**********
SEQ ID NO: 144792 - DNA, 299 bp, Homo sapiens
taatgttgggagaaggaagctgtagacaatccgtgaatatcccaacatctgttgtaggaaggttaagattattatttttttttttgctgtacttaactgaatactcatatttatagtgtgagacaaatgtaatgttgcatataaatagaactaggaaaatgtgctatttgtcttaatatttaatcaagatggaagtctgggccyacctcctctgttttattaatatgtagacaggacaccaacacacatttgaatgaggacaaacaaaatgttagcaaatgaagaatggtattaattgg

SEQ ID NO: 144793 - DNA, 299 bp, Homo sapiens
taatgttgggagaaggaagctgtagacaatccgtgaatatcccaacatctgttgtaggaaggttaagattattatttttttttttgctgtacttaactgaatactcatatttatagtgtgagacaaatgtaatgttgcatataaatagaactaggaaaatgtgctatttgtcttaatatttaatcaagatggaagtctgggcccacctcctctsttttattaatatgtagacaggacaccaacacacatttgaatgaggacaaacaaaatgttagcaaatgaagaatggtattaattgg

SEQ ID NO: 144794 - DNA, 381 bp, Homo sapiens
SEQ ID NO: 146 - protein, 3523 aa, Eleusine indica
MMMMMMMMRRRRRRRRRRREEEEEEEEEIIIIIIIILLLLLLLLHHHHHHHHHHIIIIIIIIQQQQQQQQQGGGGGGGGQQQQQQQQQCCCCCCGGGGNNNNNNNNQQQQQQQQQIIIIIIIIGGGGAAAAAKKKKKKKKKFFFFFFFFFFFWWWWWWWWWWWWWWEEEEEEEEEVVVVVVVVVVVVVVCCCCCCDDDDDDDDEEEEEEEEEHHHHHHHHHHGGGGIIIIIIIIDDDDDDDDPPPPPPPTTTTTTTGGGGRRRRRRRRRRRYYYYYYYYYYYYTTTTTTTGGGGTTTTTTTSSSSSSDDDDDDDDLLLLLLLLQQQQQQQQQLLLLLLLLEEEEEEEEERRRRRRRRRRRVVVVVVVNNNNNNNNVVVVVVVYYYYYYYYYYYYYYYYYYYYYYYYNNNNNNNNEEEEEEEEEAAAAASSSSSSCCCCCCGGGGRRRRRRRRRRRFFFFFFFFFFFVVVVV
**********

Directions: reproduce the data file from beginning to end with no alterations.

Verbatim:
SEQ ID NO: 144792 - DNA, 299 bp, Homo sapiens
taatgttgggagaaggaagctgtagacaatccgtgaatatcccaacatctgttgtaggaaggttaagattattatttttttttttgctgtacttaactgaatactcatatttatagtgtgagacaaatgtaatgttgcatataaatagaactaggaaaatgtgctatttgtcttaatatttaatcaagatggaagtctgggccyacctcctctgttttattaatatgtagacaggacaccaacacacatttgaatgaggacaaacaaaatgttagcaaatgaagaatggtattaattgg

SEQ ID NO: 144793 - DNA, 299 bp, Homo sapiens
taatgttgggagaaggaagctgtagacaatccgtgaatatcccaacatctgttgtaggaaggttaagattattatttttttttttgctgtacttaactgaatactcatatttatagtgtgagacaaatgtaatgttgcatataaatagaactaggaaaatgtgctatttgtcttaatatttaatcaagatggaagtctgggcccacctcctctsttttattaatatgtagacaggacaccaacacacatttgaatgaggacaaacaaaatgttagcaaatgaagaatggtattaattgg

SEQ ID NO: 144794 - DNA, 381 bp, Homo sapiens
SEQ ID NO: 146 - protein, 3523 aa, Eleusine indica
MMMMMMMMRRRRRRRRRRREEEEEEEEEIIIIIIIILLLLLLLLHHHHHHHHHHIIIIIIIIQQQQQQQQQGGGGGGGGQQQQQQQQQCCCCCCGGGGNNNNNNNNQQQQQQQQQIIIIIIIIGGGGAAAAAKKKKKKKKKFFFFFFFFFFFWWWWWWWWWWWWWWEEEEEEEEEVVVVVVVVVVVVVVCCCCCCDDDDDDDDEEEEEEEEEHHHHHHHHHHGGGGIIIIIIIIDDDDDDDDPPPPPPPTTTTTTTGGGGRRRRRRRRRRRYYYYYYYYYYYYTTTTTTTGGGGTTTTTTTSSSSSSDDDDDDDDLLLLLLLLQQQQQQQQQLLLLLLLLEEEEEEEEERRRRRRRRRRRVVVVVVVNNNNNNNNVVVVVVVYYYYYYYYYYYYYYYYYYYYYYYYNNNNNNNNEEEEEEEEEAAAAASSSSSSCCCCCCGGGGRRRRRRRRRRRFFFFFFFFFFFVVVVV